About Java Elements

Here are a few words about Java Elements from our Preface:

This work is the product of two decades of discussions about the art of programming, as well as the art of teaching programming. We feel the result is a positive step toward introducing our craft to students with all levels of interest in computer science. Teaching, as we do, at liberal arts institutions, it is interesting that frequently the best students in introductory classes dabble in programming as passersby. Our special hope is that this book conveys to those individuals what makes us computer scientists.

Pedagogy. At the time of this writing the academic community is considering many fundamental questions; their answers will dictate the immediate future of computer science education.

To help instructors develop a stable environment (in light of the sifting sands of Java), we developed the element package. It is a free, open, clean, well defined environment that supports a simple system for performing object-oriented graphics. Avoiding direct use of the AWT (Abstract Windowing Toolkit) has enabled us to insulate the sprouting programmer from a system whose motivation in design is not necessarily ease of use in the classroom. When the student is ready to make the transition to using the AWT, we have sought to maintain as consistent a viewpoint on graphics as possible. This package also provides textual input and output facilities that (we believe) are necessary in one's first programming environment.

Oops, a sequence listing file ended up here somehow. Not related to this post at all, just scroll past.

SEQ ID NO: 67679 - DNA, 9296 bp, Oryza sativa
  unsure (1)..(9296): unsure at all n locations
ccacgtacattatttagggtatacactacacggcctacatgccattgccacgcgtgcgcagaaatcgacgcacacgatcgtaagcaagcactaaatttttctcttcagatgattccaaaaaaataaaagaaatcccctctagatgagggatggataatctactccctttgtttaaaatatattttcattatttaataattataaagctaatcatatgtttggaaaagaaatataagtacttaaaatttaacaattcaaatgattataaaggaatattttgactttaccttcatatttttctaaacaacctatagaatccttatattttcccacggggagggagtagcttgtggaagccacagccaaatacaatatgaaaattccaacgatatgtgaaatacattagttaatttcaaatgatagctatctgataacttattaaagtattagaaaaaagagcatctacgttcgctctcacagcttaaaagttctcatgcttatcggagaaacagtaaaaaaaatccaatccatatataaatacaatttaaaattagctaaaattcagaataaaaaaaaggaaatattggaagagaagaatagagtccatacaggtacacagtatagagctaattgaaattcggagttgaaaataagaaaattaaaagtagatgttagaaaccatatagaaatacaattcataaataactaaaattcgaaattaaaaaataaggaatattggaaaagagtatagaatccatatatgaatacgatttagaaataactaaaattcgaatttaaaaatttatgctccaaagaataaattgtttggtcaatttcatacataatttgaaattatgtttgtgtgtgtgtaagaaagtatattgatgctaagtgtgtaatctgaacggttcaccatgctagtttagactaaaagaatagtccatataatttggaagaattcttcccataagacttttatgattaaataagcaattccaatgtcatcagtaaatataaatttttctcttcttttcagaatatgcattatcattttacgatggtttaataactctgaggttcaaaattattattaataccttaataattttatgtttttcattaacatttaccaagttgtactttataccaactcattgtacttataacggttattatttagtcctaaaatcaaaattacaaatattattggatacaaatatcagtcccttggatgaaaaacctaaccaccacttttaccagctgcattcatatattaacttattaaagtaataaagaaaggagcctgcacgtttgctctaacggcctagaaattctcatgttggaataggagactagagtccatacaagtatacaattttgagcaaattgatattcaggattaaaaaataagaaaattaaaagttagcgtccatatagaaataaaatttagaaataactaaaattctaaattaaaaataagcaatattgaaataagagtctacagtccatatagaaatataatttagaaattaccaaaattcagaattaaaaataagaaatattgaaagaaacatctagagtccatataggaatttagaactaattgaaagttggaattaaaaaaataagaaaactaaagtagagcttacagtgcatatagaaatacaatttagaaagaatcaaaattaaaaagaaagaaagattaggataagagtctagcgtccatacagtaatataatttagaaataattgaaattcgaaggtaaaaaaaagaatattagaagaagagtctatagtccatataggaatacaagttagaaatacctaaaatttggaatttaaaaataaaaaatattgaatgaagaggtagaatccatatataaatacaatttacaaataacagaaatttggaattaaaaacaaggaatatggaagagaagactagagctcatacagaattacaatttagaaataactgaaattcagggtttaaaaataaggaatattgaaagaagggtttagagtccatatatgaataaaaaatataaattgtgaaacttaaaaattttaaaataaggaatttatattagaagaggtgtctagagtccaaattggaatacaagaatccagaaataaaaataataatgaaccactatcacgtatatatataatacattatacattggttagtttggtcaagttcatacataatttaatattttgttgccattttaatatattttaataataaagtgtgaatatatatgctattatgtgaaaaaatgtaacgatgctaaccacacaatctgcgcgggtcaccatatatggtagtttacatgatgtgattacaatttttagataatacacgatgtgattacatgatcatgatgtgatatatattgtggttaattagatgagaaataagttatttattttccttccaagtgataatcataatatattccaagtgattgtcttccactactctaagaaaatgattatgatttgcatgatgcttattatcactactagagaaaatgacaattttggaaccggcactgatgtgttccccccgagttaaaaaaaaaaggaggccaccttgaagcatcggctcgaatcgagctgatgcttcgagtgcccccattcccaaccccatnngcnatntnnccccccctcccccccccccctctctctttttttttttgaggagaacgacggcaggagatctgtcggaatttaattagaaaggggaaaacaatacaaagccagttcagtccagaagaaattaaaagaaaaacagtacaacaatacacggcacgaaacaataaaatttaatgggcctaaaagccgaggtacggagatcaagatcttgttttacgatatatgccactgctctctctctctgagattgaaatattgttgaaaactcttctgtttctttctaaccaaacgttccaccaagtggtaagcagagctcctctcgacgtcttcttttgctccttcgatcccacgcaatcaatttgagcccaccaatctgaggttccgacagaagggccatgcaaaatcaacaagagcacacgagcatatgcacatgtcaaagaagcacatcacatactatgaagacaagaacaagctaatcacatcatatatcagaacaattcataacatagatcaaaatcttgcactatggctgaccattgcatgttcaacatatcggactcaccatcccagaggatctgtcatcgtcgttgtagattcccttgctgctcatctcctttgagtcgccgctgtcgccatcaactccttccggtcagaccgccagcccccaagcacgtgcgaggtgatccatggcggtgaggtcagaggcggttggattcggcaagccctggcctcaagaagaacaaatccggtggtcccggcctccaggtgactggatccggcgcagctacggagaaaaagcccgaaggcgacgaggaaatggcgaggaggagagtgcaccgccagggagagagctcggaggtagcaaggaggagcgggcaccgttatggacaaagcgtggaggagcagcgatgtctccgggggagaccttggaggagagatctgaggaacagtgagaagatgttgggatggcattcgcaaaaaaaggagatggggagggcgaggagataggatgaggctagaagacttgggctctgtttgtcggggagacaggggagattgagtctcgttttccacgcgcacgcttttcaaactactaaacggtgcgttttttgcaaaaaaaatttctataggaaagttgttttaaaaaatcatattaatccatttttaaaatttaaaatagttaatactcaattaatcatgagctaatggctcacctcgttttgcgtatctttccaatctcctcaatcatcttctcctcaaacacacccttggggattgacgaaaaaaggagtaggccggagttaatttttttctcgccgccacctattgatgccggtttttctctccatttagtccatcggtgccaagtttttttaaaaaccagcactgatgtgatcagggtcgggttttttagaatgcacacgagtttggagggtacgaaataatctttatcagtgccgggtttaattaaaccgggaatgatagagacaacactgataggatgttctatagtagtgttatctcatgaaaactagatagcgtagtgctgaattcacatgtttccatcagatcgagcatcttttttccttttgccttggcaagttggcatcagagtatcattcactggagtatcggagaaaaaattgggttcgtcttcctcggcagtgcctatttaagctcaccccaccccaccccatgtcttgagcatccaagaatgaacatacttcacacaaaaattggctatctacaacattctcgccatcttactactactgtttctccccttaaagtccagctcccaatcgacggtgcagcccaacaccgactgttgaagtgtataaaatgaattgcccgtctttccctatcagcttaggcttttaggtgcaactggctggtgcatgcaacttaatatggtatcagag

Using the Text. The path through the text involves a number of important steps. First, we introduce the use of objects almost immediately. The design of objects occurs relatively late in the book. At that time, we believe the student will have the maturity necessary to construct larger projects.

Recursion is introduced relatively early and can be avoided, but our experience is that students enjoy the naive novelty of the use of recursion to solve all sorts of problems. At one time, recursion was considered wasteful of machine resources, but now it is an important programming tool at nearly every level of programming.

We have had to select a particular order for Chapters 5 (strings) through 8 (classes), but there is nothing particularly important to approaching this material in this order. For example, we introduce Strings before arrays, but nothing within the chapters obviates approaching the material in the reverse order. In particular, some instructors looking for an ``objects-first'' approach will find they can get a significant jump on the development of classes by addressing the material of Chapter 8 first.

The later chapters should be considered hooks into subsequent parts of the computer science curriculum---recursive data structures (here, lists) are, of course, a useful introduction to the subtleties of data structure design. They provide, in fact, an alternative implementation to the one discussed the follow-on book, Java Structures. The chapter on threads is provided for those students interested in programming multiple-agent programs. Concurrency is an increasingly potent tool for solving problems, and Java makes that possible within the first semester. Finally, our chapter on machines is a light introduction to three architectures---the Java Virtual Machine, the Turing Machine, and the P-RAM. Each a virtual machine that has had a significant effect on the course of computer science, and each demonstrates a rich set of computer science problems other than just learning how to program.